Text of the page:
'Self-reliance' has come to India. However, in its current avatar, it looks less like a confident country aspiring for a great future but rather like this staged street-corner bonfire of foreign (chinese) products.
In a volte face par excellence, many Indian commentators, who snigger at 'Nehruvian Socialism' and the strategy of 'import substitution' followed by post-Independence India, are suddenly champions of 'Atmanirvar' Bharat. This, of course, doesn't mean that they have belatedly realised Nehru as a genius. They, and various Trump-loving American commentators after them, believe that this time, self-reliance is different. It is not about North Korea style autarky; instead, some kind of magical open closedness (or closed openness as it may be) that would let India have its cake and eat it too. "We can import anything as long as it's made in India", the Prime Minister is reported to have told a group of businessmen recently.
This may sound familiar: This is not unlike the America First peddled by Donald Trump, or for that matter, the core claim of Brexit. But it's special in India: The country was one of the chief beneficiaries of globalisation, rather than its victim. The Indian government has not distinguished itself for economic thinking, but the assumption that India can shut its doors and its companies can have open access to global markets is naive even by its standards.
Of course, in India, politics precedes economics. The call for self-reliance is more a political strategy than economic common sense. COVID19 is hitting India hard and exposing its structural problems in financial system, supply chain and labour and the government needs to be seen doing something. Unfurling the flag of self-reliance, something that is more positive than boycott of Chinese goods and more intuitively appealing, was found attractive. What could really be wrong in arguing to buy local?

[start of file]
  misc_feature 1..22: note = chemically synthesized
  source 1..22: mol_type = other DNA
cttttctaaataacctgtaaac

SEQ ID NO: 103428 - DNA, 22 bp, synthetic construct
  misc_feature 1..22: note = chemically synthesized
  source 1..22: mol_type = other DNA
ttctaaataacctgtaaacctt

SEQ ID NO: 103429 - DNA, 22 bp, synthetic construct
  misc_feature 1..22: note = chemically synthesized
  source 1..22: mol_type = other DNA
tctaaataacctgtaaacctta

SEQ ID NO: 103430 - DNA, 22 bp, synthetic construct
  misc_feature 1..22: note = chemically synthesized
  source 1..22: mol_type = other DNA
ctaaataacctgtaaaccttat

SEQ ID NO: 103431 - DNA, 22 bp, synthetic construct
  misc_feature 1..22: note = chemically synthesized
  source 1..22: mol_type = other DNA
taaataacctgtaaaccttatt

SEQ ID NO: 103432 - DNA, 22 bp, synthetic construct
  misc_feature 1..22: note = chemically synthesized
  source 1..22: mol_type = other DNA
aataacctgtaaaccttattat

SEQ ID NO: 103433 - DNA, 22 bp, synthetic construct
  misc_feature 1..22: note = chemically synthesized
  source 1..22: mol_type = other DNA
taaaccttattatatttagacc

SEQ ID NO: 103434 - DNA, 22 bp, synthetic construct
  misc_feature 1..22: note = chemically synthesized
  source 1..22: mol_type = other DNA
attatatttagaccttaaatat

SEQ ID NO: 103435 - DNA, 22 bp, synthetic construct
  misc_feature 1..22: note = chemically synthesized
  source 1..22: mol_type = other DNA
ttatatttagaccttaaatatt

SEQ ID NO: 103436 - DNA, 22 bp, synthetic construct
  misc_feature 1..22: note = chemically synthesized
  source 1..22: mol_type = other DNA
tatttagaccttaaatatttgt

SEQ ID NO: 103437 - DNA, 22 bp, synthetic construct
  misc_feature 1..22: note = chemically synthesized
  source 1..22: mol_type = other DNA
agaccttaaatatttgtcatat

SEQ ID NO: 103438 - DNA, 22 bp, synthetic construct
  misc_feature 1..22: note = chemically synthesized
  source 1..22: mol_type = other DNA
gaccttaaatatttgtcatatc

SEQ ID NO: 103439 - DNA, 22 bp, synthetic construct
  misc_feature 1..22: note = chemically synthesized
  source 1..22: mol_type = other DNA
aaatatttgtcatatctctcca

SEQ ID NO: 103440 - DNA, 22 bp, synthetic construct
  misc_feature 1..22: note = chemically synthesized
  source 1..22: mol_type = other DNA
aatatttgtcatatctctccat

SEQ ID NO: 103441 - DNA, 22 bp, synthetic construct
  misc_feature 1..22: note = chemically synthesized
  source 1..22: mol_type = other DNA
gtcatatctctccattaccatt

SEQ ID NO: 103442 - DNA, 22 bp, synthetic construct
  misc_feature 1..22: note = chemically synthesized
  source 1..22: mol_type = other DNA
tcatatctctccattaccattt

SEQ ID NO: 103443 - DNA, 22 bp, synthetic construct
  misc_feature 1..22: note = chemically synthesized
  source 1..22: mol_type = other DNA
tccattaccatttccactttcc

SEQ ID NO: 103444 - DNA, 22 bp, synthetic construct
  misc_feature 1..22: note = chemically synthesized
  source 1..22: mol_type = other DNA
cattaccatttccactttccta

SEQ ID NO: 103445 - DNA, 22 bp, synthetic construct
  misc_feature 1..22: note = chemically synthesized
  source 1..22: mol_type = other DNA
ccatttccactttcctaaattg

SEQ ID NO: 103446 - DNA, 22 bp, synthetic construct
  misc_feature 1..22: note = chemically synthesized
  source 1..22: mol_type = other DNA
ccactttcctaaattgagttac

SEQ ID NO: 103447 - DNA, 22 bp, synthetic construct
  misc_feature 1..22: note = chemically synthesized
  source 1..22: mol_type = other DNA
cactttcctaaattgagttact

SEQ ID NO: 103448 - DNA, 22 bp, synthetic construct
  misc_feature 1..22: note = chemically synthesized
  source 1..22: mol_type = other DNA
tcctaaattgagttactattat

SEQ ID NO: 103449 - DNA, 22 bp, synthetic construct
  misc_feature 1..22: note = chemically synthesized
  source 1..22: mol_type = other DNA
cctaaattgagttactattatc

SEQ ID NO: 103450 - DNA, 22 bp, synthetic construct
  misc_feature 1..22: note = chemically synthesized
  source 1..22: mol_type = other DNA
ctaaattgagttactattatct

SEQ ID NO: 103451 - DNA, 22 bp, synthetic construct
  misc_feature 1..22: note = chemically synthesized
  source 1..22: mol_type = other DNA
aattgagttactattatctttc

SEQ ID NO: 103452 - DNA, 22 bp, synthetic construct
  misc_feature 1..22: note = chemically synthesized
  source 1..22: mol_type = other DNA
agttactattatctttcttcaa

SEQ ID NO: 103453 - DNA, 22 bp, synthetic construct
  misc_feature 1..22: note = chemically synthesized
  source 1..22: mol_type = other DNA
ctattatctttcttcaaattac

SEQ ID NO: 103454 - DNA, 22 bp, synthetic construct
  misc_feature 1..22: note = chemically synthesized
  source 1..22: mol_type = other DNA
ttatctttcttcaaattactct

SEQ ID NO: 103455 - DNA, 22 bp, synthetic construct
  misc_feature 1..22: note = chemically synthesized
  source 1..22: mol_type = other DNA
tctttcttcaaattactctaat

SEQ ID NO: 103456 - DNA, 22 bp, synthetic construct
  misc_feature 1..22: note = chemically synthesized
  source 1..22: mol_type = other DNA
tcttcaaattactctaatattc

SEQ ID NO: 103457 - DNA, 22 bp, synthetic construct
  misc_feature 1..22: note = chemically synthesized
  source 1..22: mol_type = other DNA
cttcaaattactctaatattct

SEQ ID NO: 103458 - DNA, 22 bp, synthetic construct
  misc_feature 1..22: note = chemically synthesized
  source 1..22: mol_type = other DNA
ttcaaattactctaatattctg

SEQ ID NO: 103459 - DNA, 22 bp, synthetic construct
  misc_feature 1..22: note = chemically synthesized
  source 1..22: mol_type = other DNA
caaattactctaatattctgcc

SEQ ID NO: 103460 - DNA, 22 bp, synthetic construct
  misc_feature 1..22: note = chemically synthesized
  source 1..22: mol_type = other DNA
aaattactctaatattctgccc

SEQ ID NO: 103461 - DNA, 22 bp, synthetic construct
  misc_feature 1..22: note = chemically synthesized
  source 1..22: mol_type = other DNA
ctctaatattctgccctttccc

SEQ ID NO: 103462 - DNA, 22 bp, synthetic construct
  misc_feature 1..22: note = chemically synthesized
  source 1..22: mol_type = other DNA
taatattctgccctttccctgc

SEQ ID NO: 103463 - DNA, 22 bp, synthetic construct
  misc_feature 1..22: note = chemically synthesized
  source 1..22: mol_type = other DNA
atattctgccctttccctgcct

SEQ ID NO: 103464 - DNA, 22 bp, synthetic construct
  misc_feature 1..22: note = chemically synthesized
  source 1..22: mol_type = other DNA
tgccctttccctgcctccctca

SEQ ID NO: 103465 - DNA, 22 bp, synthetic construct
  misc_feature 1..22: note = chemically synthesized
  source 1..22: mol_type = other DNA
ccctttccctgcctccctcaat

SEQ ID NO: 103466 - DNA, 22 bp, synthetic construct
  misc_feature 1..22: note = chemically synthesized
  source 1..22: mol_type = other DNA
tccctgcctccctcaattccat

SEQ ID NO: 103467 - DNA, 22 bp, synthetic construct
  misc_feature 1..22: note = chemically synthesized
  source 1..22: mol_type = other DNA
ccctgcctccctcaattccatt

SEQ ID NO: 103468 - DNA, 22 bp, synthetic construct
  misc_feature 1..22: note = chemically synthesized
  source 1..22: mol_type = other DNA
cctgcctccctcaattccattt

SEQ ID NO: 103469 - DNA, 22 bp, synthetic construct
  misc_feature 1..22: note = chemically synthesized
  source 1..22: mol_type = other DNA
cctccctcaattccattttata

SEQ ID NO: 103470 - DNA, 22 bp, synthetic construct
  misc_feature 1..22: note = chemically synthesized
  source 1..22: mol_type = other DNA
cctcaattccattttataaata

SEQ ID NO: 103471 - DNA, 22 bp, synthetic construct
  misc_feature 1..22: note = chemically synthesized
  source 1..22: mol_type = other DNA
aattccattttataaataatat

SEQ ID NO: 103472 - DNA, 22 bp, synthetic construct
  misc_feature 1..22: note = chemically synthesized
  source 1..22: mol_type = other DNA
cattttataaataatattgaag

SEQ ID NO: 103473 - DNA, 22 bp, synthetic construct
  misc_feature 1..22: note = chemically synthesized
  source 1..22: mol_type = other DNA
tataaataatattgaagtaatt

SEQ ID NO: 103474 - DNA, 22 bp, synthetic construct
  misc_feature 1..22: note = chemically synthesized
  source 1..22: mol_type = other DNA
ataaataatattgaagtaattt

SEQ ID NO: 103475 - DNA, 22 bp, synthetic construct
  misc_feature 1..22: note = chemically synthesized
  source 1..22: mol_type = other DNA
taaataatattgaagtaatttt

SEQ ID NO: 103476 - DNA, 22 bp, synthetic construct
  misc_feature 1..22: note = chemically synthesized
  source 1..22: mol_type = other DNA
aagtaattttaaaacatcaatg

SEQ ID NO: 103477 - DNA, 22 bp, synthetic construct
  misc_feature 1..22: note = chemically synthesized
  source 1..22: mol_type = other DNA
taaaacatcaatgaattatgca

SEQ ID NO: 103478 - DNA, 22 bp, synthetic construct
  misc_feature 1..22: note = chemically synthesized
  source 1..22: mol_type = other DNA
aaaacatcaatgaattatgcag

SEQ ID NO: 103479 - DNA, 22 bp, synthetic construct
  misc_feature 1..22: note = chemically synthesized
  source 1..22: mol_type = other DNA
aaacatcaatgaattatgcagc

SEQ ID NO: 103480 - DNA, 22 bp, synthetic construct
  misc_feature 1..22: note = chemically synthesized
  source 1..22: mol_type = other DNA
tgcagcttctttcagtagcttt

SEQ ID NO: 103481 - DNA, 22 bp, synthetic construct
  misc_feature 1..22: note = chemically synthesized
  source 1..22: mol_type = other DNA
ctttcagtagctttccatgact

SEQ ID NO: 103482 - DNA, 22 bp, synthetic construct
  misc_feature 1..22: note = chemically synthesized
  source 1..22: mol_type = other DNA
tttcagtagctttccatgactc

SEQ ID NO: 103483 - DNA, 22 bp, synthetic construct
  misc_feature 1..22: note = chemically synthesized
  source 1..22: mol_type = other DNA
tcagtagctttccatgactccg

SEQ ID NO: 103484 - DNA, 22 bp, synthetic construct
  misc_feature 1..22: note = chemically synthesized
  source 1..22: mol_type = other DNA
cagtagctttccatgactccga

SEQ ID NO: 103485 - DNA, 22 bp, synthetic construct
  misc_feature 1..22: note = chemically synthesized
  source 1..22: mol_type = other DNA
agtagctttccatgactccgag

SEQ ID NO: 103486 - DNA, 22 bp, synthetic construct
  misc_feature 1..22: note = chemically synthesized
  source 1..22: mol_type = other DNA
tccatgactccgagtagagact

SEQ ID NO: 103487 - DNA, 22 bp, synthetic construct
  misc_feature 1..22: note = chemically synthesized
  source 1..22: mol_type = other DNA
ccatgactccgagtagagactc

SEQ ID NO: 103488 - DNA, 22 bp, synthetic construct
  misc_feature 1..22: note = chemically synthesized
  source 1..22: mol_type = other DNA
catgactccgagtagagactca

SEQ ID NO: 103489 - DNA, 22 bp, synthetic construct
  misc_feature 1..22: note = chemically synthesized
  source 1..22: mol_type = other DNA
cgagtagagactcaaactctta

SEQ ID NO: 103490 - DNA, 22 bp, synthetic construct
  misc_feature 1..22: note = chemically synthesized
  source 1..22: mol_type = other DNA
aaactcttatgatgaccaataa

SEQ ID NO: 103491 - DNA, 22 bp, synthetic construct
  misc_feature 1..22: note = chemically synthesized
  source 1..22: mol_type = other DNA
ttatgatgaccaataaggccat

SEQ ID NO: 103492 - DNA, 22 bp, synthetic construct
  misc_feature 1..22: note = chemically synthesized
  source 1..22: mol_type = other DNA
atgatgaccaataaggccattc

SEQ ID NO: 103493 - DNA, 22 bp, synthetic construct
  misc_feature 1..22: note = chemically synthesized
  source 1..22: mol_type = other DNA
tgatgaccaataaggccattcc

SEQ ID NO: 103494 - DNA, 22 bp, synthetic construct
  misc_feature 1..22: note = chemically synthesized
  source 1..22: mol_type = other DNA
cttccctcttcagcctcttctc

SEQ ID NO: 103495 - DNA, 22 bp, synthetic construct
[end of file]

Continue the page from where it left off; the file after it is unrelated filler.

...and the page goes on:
However, Indians should know better. In fact, on this, they should know better than the English and the Americans, who have never really experimented with such indulgence. The Nehruvian ideal made India a heaven for crony capitalist, who ran their little monopolies as inefficiently as possible. For all the talk, that legacy isn't dead and gone: India is still one of the world's most protected markets and its economy is dominated by vested interests. These businesses, apart from those in handful of export-driven sectors, are inefficient and badly run - one of the reasons why India can't compete with China not just in price, but also in quality and innovation. These businesses often lack critical capabilities and will have to rely on foreign suppliers for design, parts and software. Hence, the PM's comment - made to a group of businessmen who are looking to benefit from this policy - is not as idiosyncratic as it appears.
Indeed, I am no free-market globaliser. In fact, I come from that part of India which was a net loser, rather than a beneficiary, of liberalisation of Indian economy. But my enthusiasm for the latest call of self-reliance - poorly thought out as it is - is limited because I see no prospect that this would mean expanding the opportunities for local or smaller businesses. In fact, my hopes of such regeneration is pinned upon a sensible trade strategy, wherein India develops its trade with its neighbours, builds road, rail and shipping routes through its pariah Eastern region. Closing all of that out - and handing over the markets on a platter to businessmen who pay - is a recipe for disaster for everyone outside that charmed circle.
I am actually a big supporter of self-reliance and I say this without any hint of irony. Self-reliance can indeed be a worthy goal for an emerging nation, when it's not about pandering special interests. That type of self-reliance can not be achieved cheaply or easily, not with an 8pm television address. That type of self-reliance, the type with Japan achieved in the late nineteenth century, needed sacrifices, hard work and intelligent policy. It required being more open, not closed. It required trusting its common people and unleashing their energies through education. I am indeed all for that kind of self-reliance. But that will be about sweeping away all the vested interests that dominate all aspects of Indian policy and starting fresh. It will mean shaking up India's broken education system, sorting out public health and engaging with the world with intent and intelligence.
Of course, all that is too difficult. The object of government policy in India is cornering as big a share of political funding as possible; and prime time visibility. The cheap rhetoric of self-reliance serves that goal well. Indeed, this sets back the worthy objective of self-reliance of the difficult kind. But in the here-and-now world of Delhi, the future may not matter.
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